Costco Wholesale Corporation (NASDAQ:COST) has looked like a tired security, with COST stock less than two months removed from its all-time high of near $170 per share.
A poor July sales report had investors expecting the worst, as Costco prepared to announce fourth-quarter earnings today, Sept. 29.
Analysts were expecting earnings of $1.73 per share on revenues of $36.7 billion for the fourth fiscal quarter, which ended in August. Analysts were poised for disappointment, with many holding bearish options with plans to profit on them when the number came out.
Instead, the warehouse giant reported earnings of $779 million, or $1.77 per share of Costco stock, on revenues of $35.7 billion. Revenue was short of expectations, but profits exceeded them. For the full year, earnings came in at $2.4 billion, $5.37 per share fully diluted, on revenue of $116.2 billion.
A gain in U.S. sales was offset by lower sales in Canada, although the company hastened to note that, absent gas, merchandise sales were up 4% overall.
COST stock rose about 2% in after-hours trading, catching the bears by surprise.
Deflation Hurts Costco
Like other grocers, such as Kroger Co (NYSE:KR), Costco is being hurt by declining food and low gas prices. Egg, meat and dairy prices are all down, hurting gross sales, and gasoline is no longer the boost to results it used to be.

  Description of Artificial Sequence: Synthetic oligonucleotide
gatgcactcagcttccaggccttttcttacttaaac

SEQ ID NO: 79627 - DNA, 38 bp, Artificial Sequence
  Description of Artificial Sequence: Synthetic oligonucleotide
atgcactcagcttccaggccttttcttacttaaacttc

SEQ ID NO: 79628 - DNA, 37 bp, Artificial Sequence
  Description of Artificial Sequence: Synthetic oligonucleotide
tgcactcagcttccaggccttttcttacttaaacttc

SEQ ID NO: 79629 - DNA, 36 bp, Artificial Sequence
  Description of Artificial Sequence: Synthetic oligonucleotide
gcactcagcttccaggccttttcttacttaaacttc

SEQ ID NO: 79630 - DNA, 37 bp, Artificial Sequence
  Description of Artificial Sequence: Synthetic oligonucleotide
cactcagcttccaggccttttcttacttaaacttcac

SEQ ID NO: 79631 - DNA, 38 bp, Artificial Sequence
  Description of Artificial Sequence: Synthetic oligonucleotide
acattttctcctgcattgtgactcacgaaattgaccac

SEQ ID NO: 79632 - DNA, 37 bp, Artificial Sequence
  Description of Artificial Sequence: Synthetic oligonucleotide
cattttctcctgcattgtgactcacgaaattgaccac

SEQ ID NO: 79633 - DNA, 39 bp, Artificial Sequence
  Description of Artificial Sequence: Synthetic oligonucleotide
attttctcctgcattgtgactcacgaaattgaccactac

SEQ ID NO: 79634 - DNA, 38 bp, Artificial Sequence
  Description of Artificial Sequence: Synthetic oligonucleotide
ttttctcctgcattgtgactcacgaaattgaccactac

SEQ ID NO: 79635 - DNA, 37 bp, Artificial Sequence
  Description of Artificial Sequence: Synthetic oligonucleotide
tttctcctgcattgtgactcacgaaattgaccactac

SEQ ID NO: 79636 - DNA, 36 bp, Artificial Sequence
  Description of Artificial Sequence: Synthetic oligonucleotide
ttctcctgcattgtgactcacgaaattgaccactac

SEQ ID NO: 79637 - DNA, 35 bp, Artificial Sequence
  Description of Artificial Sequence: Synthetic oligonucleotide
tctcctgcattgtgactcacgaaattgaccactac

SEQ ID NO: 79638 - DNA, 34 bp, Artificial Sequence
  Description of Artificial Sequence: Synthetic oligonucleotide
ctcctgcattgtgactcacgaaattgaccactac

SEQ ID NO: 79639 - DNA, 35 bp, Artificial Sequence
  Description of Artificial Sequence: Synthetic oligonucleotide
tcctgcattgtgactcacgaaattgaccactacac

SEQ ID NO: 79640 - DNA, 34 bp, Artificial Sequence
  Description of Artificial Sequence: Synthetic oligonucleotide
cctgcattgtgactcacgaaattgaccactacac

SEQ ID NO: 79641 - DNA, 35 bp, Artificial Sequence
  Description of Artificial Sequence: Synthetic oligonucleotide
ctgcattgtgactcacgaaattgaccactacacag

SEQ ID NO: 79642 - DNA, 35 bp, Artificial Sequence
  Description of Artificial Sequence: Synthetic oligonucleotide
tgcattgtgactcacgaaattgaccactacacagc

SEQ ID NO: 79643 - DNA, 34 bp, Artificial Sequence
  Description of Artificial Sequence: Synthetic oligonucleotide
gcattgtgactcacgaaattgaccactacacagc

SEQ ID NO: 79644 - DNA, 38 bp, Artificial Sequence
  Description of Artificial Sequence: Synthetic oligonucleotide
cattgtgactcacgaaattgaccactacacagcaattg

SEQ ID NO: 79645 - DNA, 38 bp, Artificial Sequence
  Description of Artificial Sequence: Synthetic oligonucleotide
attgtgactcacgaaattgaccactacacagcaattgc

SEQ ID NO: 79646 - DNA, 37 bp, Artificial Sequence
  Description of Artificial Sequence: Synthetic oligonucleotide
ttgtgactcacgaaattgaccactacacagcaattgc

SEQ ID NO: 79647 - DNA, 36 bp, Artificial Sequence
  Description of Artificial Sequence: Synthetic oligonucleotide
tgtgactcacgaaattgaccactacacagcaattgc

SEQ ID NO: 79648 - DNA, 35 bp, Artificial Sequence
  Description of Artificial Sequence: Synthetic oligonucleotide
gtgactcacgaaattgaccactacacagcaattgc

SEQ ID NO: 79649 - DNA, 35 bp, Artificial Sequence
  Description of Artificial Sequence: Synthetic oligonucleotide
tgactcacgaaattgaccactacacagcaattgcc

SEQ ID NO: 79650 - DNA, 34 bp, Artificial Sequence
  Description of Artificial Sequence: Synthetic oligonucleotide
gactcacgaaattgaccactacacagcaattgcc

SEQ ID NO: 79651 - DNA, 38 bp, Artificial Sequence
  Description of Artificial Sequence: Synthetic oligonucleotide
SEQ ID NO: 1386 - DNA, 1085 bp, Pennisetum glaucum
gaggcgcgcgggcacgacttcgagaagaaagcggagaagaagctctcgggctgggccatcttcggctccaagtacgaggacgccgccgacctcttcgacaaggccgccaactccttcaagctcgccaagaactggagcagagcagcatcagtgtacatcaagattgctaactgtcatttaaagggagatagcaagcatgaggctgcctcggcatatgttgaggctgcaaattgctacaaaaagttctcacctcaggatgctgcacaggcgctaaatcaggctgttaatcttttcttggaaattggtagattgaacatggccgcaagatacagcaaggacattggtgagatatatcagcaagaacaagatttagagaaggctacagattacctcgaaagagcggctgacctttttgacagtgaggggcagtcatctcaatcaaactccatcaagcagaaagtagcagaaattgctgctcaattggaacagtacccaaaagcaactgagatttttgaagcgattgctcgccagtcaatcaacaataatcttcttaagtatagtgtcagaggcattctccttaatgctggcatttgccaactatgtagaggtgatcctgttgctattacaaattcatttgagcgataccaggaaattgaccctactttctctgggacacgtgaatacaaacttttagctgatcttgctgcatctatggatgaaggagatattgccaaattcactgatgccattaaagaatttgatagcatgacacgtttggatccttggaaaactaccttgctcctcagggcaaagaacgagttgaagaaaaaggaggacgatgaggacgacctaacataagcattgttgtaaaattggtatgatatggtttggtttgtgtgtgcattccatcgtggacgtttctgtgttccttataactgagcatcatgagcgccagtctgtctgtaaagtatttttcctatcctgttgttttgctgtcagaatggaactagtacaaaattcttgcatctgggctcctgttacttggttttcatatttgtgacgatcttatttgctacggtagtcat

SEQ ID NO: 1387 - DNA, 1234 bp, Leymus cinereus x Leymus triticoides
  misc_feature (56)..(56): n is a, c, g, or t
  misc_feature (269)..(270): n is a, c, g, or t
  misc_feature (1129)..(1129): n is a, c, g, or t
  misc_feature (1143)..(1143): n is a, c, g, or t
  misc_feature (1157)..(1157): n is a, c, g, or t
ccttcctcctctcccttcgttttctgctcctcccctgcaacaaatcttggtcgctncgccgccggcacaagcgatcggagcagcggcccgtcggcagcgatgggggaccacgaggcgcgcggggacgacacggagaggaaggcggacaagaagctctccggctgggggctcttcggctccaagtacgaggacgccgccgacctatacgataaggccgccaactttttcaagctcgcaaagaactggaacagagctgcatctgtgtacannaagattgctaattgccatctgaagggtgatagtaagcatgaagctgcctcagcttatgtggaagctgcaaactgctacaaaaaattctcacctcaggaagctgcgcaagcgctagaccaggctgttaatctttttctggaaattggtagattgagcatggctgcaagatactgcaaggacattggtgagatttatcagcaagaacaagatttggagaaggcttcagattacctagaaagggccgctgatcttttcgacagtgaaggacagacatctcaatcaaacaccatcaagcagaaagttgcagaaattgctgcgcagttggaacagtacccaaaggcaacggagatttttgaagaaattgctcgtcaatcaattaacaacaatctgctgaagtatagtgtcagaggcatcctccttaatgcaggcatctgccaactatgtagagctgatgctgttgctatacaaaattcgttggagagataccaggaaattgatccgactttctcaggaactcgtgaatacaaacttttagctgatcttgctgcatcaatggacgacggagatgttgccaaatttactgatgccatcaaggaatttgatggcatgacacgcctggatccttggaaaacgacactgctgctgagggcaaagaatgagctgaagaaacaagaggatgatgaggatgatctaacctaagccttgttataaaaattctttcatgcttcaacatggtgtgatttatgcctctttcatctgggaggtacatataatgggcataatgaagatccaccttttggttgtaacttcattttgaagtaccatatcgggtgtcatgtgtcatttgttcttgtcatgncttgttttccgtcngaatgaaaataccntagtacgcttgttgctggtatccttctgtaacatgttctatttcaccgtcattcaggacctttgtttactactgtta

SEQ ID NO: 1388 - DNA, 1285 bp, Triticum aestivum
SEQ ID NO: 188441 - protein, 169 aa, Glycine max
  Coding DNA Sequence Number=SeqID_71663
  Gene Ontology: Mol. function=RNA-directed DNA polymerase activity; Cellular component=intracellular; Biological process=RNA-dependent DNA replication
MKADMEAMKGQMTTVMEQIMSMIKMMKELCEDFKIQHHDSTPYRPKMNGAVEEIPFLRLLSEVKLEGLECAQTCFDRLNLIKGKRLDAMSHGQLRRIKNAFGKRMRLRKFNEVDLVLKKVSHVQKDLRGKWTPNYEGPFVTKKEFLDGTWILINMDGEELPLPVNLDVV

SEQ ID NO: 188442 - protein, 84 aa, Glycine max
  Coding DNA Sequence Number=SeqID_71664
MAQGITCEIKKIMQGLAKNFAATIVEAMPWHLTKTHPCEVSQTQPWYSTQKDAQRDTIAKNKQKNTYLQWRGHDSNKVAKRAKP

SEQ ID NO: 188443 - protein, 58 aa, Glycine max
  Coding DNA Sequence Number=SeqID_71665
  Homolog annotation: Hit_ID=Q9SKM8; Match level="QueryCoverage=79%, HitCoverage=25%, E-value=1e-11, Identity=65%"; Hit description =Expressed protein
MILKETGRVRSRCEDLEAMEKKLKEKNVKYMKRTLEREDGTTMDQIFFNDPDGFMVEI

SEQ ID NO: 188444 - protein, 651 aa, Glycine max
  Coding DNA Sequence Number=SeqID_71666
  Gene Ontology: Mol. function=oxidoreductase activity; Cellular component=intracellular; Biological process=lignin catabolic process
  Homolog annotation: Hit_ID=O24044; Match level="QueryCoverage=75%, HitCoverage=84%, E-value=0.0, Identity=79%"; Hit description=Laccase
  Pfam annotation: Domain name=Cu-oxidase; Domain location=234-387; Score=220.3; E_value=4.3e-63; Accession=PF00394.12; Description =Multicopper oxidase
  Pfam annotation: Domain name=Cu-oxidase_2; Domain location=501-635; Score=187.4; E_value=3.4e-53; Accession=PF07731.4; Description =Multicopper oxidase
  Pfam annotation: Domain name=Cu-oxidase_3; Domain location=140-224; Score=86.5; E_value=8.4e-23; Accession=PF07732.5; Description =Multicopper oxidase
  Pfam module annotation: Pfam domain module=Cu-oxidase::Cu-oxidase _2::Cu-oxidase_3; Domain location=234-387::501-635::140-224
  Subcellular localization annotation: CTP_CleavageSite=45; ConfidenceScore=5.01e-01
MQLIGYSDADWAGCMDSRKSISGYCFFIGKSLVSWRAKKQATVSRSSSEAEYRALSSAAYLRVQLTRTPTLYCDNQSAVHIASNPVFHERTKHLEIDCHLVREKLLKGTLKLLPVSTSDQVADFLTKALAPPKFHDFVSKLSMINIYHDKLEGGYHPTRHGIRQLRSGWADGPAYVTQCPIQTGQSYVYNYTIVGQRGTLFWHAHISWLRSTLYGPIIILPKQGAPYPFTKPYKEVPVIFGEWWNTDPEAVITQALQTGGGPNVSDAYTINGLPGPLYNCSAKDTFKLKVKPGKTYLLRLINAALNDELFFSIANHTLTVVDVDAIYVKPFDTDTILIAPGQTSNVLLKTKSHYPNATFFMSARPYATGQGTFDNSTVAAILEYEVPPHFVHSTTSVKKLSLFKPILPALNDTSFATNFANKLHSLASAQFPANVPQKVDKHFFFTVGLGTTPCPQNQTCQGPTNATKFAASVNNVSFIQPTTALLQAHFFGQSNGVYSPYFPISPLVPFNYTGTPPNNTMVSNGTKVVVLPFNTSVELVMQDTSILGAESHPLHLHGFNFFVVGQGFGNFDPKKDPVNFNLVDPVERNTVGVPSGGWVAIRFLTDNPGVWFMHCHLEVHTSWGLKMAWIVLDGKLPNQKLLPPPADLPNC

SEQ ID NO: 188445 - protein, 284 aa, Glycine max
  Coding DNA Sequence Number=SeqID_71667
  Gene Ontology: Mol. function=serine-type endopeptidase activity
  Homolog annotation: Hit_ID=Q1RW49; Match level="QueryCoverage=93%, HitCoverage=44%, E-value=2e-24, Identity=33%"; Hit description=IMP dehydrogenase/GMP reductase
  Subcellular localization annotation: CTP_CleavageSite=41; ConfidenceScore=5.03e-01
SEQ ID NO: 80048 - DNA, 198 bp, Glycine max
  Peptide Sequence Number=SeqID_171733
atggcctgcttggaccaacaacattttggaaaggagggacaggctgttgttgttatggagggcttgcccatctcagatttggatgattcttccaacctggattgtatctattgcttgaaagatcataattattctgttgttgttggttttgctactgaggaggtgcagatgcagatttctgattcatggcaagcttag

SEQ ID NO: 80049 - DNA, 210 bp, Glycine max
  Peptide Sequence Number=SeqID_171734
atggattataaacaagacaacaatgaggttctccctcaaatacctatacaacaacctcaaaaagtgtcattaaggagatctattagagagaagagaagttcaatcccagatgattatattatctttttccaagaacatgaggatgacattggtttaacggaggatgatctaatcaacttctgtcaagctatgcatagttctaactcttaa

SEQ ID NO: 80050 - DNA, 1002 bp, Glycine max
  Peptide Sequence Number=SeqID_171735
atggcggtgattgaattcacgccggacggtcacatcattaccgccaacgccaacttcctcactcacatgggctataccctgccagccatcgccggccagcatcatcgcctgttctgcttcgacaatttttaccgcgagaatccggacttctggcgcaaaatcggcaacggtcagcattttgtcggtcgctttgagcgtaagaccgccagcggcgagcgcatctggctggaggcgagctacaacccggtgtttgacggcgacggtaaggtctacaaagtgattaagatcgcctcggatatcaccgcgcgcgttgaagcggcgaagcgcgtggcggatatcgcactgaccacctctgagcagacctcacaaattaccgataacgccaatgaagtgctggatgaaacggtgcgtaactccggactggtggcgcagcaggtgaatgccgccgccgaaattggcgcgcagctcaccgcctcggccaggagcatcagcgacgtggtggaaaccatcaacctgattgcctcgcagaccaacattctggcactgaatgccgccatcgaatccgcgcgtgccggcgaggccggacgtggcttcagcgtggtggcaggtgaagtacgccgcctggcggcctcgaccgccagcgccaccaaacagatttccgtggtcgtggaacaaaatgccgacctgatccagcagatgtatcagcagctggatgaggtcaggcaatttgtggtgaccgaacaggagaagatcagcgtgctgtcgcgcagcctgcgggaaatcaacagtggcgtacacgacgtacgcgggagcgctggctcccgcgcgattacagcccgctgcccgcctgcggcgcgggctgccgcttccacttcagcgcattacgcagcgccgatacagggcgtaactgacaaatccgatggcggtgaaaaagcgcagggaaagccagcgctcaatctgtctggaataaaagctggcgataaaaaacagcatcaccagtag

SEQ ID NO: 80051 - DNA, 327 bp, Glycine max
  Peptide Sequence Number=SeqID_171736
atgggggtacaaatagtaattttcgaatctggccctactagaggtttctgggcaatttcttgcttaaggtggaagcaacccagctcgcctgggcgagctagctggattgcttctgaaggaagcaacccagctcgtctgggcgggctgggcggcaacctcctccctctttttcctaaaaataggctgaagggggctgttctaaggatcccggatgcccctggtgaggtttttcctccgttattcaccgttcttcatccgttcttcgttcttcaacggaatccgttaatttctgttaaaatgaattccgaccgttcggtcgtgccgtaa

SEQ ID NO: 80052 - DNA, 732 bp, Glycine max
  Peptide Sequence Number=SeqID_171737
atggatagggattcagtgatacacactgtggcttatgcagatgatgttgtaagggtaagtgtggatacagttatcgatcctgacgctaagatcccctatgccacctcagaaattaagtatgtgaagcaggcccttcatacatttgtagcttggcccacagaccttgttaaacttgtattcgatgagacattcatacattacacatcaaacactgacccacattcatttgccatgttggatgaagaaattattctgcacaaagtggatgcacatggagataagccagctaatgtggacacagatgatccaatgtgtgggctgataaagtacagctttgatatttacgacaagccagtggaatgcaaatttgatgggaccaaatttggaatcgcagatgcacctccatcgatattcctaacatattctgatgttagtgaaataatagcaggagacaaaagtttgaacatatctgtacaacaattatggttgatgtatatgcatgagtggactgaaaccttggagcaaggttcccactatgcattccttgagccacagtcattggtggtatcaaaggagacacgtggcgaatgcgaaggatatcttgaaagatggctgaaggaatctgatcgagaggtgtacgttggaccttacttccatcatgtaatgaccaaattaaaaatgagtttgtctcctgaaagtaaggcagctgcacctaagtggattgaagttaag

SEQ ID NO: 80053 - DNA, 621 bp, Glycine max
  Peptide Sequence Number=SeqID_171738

The shares traded below $148 on the day before earnings, with some analysts (including this one) raising an alarm over the small homes of millennials, and others seeing increased competition with Amazon.com, Inc. (NASDAQ:AMZN).
Like Amazon, Costco’s warehouses rely on paid members to drive growth. While 14.9% of U.S. households are Costco members, up from 9.8% three years ago, 16.2% are now Amazon Prime members, up from 7.1%. Some 11.3% belong to both.
What analysts were more worried about, however, was how much sales might be hurt by Costco’s switch from taking American Express Company (NYSE:AXP) credit cards to a Visa Inc (NYSE:V) card, with membership credit cards offered by Citigroup Inc (NYSE:C). COST wrested a good deal for members from Citi on the cards, which offer discounts of up to 4% on travel and 3% on gasoline, in the form of Costco merchandise. Members get 2% off on Costco purchases with the card, as they did with AmEx. Even at the food court.
What Comes Next for COST Stock?
What may come next from Costco is a hike in membership fees, which currently start at $55, and double to $110 for “executive members” with the cash-back credit card.
The question of a hike matters to analysts because COST stock generates $2.5 billion from them, and its net income came to $2.35 billion. Essentially, the company runs at breakeven and generates profits from the fees.
Costco also is working to slowly expand its online presence, and recently signed a deal with Ticketmaster to sell discounted concert tickets at a site called Costcotickets.com. It was made possible when Ticketmaster, a unit of Live Nation Entertainment, Inc. (NYSE:LYV), opened its application program interface to other companies last year.
Dana Blankenhorn is a financial journalist who dabbles in fiction, his latest being The Reluctant Detective Travels in Time. Write him at firstname.lastname@example.org or follow him on Twitter at @danablankenhorn. As of this writing, he was long COST.